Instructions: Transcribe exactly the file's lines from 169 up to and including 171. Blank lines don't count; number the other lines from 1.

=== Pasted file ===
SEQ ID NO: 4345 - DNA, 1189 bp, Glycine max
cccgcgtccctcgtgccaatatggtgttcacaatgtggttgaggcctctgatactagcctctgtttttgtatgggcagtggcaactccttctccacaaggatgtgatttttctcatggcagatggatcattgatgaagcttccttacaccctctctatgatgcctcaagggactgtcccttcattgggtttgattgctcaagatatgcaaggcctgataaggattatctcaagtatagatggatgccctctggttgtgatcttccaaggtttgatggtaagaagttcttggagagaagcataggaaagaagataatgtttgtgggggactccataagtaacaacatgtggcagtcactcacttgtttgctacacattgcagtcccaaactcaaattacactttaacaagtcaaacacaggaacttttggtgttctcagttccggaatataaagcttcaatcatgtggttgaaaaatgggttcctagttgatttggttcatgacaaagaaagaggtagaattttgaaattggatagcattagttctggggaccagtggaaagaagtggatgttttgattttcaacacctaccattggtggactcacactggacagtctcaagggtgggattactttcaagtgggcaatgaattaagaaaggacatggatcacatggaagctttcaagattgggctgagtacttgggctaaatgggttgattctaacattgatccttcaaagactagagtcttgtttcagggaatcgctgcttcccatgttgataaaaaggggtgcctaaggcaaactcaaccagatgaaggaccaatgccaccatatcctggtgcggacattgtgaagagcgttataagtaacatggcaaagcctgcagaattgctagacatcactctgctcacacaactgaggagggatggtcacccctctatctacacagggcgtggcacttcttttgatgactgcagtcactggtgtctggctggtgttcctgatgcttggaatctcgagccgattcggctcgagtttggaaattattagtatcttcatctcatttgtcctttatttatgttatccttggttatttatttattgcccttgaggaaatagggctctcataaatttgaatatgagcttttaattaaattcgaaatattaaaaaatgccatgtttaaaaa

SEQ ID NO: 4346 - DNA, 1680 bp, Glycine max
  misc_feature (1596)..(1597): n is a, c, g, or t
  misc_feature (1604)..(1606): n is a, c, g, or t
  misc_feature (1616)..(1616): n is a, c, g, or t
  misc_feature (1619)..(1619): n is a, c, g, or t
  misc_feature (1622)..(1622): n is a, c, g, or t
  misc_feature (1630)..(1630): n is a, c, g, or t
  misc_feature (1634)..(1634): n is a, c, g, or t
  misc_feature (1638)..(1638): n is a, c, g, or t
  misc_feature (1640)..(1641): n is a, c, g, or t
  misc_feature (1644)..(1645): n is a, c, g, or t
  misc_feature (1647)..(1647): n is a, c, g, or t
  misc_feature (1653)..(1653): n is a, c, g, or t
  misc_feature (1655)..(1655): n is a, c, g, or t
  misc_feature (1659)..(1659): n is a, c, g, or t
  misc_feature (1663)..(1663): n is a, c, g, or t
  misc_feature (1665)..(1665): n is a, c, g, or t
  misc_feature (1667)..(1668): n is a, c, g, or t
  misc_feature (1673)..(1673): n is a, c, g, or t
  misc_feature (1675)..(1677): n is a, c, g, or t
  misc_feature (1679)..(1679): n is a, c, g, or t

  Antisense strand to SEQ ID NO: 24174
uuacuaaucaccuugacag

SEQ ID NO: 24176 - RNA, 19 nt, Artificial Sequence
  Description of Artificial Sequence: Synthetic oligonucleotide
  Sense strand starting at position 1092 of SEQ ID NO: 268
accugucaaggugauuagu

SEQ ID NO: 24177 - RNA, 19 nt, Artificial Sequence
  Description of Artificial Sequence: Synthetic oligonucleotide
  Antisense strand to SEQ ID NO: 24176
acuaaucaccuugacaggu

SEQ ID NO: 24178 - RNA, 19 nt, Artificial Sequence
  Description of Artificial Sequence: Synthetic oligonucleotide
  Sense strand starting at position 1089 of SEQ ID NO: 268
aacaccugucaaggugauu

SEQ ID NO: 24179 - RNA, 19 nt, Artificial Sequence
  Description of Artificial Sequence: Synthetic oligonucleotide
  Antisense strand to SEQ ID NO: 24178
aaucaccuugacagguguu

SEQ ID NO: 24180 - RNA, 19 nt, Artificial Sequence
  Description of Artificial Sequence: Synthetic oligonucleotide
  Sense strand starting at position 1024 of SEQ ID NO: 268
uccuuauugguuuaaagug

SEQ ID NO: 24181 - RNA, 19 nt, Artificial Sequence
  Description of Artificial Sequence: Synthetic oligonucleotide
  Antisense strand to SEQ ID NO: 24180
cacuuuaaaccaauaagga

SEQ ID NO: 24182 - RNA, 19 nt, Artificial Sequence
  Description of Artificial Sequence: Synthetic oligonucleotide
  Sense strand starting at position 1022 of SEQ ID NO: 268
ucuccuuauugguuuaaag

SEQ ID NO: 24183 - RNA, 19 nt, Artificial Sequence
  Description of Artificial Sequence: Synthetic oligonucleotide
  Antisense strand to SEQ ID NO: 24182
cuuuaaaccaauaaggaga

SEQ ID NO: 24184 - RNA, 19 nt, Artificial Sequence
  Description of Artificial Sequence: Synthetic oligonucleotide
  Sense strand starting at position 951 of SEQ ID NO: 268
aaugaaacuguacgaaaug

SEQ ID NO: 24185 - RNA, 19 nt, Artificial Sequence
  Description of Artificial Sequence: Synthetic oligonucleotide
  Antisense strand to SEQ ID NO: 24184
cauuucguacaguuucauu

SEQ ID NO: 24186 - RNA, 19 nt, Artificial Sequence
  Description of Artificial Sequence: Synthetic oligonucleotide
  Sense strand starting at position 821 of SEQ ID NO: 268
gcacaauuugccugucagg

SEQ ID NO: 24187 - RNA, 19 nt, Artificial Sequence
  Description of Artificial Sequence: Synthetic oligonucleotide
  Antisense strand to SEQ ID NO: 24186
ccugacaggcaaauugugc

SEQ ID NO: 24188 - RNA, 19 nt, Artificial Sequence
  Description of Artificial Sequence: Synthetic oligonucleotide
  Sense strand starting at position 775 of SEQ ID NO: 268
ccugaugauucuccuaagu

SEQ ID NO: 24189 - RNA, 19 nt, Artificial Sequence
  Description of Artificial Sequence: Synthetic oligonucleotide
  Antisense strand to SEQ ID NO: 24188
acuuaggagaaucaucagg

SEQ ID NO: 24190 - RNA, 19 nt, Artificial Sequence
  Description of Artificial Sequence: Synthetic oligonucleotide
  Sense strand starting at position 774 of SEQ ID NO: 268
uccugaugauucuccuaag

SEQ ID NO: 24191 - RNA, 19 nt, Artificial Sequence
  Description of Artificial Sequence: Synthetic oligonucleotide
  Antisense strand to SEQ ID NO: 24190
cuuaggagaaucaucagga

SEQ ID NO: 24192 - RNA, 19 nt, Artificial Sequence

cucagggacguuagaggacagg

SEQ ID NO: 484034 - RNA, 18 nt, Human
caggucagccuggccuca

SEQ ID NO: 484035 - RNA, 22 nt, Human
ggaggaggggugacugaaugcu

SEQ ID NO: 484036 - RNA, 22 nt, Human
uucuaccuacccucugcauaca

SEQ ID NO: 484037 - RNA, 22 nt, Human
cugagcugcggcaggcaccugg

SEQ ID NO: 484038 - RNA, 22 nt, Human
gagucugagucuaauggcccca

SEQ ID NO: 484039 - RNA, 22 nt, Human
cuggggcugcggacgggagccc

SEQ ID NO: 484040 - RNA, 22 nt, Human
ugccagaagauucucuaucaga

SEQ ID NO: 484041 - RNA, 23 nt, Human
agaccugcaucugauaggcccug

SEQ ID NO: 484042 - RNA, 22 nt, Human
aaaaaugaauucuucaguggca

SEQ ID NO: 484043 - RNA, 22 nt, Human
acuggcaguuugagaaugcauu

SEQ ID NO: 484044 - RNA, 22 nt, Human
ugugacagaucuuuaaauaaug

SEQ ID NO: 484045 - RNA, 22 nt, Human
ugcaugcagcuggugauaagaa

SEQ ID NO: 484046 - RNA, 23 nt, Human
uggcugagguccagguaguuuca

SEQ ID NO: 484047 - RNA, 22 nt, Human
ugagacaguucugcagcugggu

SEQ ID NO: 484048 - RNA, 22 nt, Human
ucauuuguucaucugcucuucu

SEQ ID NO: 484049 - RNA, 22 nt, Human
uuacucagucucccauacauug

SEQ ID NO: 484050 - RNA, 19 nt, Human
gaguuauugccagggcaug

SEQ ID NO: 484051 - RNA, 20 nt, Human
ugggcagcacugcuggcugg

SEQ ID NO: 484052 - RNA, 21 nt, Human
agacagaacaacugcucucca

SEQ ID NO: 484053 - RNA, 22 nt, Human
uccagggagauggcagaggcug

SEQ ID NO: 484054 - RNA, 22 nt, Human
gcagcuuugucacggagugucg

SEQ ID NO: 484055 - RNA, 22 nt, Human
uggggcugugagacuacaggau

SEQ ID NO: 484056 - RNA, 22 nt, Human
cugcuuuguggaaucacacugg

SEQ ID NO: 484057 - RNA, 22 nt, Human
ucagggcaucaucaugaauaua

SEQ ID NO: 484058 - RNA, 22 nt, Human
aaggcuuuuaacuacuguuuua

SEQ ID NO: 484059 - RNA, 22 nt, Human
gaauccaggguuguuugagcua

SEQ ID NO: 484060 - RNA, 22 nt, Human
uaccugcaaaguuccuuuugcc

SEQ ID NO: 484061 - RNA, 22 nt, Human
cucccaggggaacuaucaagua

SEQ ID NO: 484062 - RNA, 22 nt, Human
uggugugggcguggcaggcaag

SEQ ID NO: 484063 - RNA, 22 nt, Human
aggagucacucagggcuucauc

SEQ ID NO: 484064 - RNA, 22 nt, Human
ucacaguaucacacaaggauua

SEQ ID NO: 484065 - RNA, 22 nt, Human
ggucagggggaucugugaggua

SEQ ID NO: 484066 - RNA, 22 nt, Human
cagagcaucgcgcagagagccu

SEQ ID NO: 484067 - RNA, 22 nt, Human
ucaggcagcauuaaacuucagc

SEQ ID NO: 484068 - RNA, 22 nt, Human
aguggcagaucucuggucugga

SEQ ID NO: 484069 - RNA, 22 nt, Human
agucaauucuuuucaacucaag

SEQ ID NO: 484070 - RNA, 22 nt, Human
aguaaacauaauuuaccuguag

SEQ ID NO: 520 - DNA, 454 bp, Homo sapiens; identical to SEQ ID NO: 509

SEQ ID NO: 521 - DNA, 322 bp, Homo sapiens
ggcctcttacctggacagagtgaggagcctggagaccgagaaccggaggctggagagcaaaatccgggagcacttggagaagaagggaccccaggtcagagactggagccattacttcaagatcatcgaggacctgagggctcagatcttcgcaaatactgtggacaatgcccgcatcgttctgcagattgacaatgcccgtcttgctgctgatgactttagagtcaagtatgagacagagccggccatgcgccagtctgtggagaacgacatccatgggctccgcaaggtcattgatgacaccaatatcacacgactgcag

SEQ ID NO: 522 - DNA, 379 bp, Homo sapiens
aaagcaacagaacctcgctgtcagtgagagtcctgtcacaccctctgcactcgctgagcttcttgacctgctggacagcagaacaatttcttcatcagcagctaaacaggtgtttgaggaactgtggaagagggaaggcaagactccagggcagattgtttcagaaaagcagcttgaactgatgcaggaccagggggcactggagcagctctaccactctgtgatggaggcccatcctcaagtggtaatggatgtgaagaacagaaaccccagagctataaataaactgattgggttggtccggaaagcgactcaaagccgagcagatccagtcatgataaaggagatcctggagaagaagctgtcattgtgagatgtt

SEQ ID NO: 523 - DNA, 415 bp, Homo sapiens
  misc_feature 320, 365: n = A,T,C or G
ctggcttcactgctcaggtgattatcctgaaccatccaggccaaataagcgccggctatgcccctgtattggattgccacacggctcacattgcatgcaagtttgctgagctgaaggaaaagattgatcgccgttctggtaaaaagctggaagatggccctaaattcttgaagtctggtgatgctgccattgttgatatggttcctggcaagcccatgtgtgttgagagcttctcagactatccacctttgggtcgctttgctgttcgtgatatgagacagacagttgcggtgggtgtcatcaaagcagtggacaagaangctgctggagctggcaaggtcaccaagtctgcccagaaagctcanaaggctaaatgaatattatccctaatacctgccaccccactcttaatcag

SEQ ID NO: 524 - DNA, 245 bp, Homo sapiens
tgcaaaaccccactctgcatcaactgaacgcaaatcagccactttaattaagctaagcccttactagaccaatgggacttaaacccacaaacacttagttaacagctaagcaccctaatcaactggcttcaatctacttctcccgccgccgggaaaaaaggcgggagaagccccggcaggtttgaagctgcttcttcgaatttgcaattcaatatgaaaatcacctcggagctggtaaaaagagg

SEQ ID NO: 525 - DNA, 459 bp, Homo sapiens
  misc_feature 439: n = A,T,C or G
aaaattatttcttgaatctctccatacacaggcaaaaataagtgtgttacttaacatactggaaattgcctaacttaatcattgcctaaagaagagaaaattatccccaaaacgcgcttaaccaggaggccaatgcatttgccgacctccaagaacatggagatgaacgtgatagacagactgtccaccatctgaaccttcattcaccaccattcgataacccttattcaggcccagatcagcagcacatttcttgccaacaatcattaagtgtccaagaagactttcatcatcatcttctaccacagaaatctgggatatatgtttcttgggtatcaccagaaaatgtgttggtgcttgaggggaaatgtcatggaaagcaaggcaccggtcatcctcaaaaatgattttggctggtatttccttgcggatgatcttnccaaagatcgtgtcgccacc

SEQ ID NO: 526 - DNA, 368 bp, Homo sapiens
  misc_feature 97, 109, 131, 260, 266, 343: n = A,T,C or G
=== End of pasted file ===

SEQ ID NO: 522 - DNA, 379 bp, Homo sapiens
aaagcaacagaacctcgctgtcagtgagagtcctgtcacaccctctgcactcgctgagcttcttgacctgctggacagcagaacaatttcttcatcagcagctaaacaggtgtttgaggaactgtggaagagggaaggcaagactccagggcagattgtttcagaaaagcagcttgaactgatgcaggaccagggggcactggagcagctctaccactctgtgatggaggcccatcctcaagtggtaatggatgtgaagaacagaaaccccagagctataaataaactgattgggttggtccggaaagcgactcaaagccgagcagatccagtcatgataaaggagatcctggagaagaagctgtcattgtgagatgtt

SEQ ID NO: 523 - DNA, 415 bp, Homo sapiens